Marijuana Policy Project
Curved Papers

Marijuana Lifer Richard DeLisi Released from Prison

Marijuana smuggler Richard DeLisi is finally out of a Florida jail. Arrested with his brothers in 1988, he was released 32 years later on December 8 thanks in part to the Last Prisoner Project. DeLisi was supposed to remain at South Bay Correctional Facility until 2024.

Charged with trafficking in cannabis, conspiracy to traffic in cannabis and violation of the RICO Act, DeLisi received a 90-year sentence. Authorities claimed he smuggled more than 150,000 pounds of Colombian Gold to the U.S., raking in $50 million from 1975-1980. DeLisi was previously arrested in 1975 and spent a year in jail.

His older brother Ted also received a 90-year sentence, but was released on appeal in 2014. Richard wasn't.

Richard DeLisi in the ’70s and in prison in the 2010s. (Image via Last Prisoner Project)

According to Richard DeLisi's website, "Richard was approached by his old smuggling friend, J.J. White, who told Richard they could be wealthy again if they went back to smuggling cannabis... What Richard did not know was that his friend J.J. White was a paid confidential informant." 

Broke, DeLisi agreed to help and got caught, again. This time the Feds threw the book at him and his brother.

The DeLisi family moved from Brooklyn, NY to Florida in the '60s. By the '70s, the brothers were moving Jamaican ganja up the East Coast.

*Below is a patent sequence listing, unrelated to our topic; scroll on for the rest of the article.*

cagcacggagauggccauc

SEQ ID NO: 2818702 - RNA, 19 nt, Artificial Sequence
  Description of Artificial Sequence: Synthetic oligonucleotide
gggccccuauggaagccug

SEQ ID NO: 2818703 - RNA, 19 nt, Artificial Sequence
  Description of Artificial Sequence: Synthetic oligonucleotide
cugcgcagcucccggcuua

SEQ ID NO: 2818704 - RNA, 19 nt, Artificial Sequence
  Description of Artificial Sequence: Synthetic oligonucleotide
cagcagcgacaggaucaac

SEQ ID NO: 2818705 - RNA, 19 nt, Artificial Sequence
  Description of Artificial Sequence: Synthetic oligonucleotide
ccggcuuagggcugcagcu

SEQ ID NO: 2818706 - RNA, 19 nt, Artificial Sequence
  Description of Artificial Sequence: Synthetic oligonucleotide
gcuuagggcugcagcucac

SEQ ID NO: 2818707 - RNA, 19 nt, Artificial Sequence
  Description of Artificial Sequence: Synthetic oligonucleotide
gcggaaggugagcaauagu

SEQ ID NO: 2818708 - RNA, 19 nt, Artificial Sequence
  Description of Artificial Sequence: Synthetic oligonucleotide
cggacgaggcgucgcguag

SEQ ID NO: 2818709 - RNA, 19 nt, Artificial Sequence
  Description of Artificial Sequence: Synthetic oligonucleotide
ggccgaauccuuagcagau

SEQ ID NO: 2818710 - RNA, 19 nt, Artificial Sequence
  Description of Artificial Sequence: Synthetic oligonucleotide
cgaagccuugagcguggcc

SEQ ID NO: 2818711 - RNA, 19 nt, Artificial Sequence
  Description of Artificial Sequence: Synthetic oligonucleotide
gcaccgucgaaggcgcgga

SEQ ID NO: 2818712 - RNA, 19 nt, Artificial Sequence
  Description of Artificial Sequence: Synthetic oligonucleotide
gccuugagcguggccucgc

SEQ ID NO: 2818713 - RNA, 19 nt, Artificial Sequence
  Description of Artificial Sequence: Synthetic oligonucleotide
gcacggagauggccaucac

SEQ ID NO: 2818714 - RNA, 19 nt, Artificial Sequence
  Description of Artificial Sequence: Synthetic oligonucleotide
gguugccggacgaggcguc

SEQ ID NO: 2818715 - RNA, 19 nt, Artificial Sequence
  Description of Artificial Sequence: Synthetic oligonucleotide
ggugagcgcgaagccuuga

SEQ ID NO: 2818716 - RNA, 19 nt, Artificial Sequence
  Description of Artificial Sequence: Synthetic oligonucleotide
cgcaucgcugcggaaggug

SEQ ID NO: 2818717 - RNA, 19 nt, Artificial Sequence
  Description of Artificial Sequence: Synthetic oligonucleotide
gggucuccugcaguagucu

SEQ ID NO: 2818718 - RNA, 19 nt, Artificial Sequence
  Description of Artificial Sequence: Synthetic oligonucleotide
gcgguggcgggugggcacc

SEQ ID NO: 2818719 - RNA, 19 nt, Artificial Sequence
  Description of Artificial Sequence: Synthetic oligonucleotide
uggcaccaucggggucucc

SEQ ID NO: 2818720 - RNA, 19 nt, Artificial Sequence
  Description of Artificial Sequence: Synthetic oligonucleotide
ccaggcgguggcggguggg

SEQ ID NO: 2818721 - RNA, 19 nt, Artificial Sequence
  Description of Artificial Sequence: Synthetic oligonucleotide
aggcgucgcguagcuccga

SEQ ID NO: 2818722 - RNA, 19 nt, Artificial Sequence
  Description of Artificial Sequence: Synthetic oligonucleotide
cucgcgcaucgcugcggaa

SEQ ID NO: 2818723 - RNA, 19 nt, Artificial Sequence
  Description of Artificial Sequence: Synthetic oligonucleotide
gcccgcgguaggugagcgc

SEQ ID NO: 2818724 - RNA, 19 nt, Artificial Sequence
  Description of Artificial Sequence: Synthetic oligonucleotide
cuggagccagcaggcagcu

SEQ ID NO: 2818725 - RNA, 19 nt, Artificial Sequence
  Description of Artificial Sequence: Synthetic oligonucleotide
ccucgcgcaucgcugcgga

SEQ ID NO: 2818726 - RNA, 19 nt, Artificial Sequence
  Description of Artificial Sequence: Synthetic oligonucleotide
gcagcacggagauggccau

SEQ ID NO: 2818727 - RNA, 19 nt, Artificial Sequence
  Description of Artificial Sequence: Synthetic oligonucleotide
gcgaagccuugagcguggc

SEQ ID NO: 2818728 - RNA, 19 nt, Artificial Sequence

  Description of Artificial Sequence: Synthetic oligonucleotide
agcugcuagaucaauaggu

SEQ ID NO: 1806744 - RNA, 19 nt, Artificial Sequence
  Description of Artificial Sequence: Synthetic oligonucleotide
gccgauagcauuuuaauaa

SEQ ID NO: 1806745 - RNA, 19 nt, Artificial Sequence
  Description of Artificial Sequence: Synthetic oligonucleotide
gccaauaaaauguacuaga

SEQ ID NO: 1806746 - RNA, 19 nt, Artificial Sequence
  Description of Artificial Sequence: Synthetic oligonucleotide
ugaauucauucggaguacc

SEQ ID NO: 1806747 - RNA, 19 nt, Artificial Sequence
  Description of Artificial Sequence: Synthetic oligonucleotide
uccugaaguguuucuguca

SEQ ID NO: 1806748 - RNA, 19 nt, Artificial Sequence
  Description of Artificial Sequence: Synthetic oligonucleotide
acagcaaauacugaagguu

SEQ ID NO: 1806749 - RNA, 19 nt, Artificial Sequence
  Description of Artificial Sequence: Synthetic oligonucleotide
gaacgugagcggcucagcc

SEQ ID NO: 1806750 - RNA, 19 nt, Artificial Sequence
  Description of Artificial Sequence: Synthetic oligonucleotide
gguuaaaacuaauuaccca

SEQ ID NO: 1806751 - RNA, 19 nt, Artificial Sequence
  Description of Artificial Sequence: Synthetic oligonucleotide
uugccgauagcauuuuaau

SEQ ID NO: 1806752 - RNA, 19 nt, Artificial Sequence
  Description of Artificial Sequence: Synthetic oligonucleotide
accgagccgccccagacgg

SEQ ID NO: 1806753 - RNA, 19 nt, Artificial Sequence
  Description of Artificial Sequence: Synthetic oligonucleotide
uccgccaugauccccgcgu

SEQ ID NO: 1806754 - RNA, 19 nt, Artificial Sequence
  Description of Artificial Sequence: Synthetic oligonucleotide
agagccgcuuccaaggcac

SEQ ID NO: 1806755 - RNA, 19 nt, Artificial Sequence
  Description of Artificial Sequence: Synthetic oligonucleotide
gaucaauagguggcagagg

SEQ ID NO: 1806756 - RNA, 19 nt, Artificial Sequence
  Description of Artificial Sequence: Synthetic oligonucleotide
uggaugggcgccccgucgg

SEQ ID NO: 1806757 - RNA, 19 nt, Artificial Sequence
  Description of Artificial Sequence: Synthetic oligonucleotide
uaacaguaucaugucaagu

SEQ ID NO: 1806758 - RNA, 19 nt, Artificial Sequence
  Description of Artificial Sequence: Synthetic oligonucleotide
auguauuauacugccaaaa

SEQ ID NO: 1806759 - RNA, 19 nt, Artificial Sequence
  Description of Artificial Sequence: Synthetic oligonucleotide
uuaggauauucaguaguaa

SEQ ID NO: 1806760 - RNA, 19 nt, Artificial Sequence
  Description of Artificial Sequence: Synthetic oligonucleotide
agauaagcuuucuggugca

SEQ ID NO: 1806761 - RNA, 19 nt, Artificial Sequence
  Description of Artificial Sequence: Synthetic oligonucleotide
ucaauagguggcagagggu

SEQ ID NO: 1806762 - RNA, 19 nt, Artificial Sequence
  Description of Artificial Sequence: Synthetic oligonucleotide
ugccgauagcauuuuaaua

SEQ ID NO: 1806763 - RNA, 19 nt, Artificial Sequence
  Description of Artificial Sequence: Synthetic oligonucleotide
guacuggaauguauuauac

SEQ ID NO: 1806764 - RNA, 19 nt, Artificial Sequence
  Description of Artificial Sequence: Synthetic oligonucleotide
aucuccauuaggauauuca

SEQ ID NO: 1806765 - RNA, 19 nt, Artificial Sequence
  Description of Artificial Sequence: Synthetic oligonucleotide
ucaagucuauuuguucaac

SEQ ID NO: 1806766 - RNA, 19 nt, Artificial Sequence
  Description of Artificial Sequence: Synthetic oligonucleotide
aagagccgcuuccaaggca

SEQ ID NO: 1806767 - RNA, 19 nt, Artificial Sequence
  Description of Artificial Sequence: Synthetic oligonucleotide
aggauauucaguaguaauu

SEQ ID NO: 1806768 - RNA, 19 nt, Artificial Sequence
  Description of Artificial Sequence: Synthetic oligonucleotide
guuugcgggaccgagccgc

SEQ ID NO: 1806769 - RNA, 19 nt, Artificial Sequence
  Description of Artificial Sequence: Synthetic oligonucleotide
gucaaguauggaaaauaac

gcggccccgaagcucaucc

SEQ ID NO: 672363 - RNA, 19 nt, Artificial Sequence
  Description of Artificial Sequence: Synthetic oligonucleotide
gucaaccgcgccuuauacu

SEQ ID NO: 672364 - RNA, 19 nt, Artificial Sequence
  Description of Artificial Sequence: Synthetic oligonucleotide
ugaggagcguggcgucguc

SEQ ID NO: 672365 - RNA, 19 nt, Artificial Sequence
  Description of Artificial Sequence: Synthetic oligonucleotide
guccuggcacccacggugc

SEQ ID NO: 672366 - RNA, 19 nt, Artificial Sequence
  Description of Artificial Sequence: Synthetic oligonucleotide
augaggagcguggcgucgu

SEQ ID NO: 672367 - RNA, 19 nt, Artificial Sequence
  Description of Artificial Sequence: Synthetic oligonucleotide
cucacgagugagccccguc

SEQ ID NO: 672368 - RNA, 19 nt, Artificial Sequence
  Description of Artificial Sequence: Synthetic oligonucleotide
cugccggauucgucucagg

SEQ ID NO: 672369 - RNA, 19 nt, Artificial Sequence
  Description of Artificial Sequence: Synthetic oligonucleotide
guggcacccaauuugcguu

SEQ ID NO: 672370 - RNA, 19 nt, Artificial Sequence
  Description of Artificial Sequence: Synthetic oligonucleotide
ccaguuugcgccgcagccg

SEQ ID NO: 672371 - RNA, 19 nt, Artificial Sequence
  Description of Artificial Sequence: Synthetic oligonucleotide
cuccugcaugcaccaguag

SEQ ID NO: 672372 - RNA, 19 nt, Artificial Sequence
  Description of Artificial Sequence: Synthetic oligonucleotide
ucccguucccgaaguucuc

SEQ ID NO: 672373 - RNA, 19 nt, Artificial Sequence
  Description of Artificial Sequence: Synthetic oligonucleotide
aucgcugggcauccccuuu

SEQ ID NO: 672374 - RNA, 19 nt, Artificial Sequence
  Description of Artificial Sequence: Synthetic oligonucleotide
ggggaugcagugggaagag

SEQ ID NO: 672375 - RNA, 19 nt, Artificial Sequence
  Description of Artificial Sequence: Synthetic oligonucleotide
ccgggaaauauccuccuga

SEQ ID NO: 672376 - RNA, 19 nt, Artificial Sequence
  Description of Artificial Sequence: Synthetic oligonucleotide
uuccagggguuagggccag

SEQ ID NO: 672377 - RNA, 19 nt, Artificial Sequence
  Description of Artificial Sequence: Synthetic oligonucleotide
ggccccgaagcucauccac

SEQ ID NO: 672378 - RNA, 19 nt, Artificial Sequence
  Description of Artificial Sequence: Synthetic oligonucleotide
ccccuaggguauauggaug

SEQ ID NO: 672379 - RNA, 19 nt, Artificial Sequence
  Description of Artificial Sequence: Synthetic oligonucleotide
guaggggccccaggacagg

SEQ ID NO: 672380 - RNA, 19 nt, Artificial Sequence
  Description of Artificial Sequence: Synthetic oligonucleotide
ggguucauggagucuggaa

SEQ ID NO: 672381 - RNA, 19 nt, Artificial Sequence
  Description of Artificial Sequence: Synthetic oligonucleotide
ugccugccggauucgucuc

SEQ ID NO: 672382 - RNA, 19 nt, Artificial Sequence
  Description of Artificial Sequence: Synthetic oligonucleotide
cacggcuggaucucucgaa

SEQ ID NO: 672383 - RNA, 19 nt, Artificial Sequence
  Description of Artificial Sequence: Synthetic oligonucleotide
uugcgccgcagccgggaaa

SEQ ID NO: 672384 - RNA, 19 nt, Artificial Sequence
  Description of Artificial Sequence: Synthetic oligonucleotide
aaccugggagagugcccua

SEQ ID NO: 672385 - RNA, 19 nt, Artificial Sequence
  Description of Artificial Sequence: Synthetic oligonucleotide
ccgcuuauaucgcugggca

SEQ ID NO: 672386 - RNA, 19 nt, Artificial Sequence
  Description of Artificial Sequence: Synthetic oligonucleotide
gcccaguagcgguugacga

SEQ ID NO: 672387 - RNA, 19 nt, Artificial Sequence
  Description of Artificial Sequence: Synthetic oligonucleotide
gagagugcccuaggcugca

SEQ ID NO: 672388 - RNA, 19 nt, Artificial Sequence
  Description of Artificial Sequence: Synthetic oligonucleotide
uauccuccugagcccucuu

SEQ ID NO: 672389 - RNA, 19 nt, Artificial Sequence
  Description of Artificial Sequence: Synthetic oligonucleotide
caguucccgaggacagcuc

“We were selling this Jamaican weed,” Ted DeLisi told the Palm Beach Post in 2017. “But the people in New York kept telling us, ‘We want the Colombian weed.’ They called it cheeba cheeba.”

With a wholesale price of $35 a pound, they couldn't resist the lure of shipping cheap, high-grade Colombian cannabis to the U.S. The DeLisis bought boats and planes and amassed a fortune, grossing more than $50 million until they were caught.

RELATED: Celebs Call for Release of Marijuana Prisoner Michael Thompson

“There were so many times when they tried to get us to bring the other stuff, the coke and the heroin,” Richard said in 2017. “We would never do it because we knew it could kill people. I feel good about that still today.”

Ted added: “There was no violence. Nobody was ever shot or killed.”

But they still were given 90-year sentences each for marijuana. 

Upon his release, Richard said: "It's a really amazing feeling, but I knew it was a long time coming. It was a rought ride, I'll tell you that. It was rough time."

 

Become a Patron!

comments powered by Disqus
Steve Bloom

Steve Bloom

Publisher of CelebStoner.com, former editor of High Times and Freedom Leaf and co-author of Pot Culture and Reefer Movie Madness.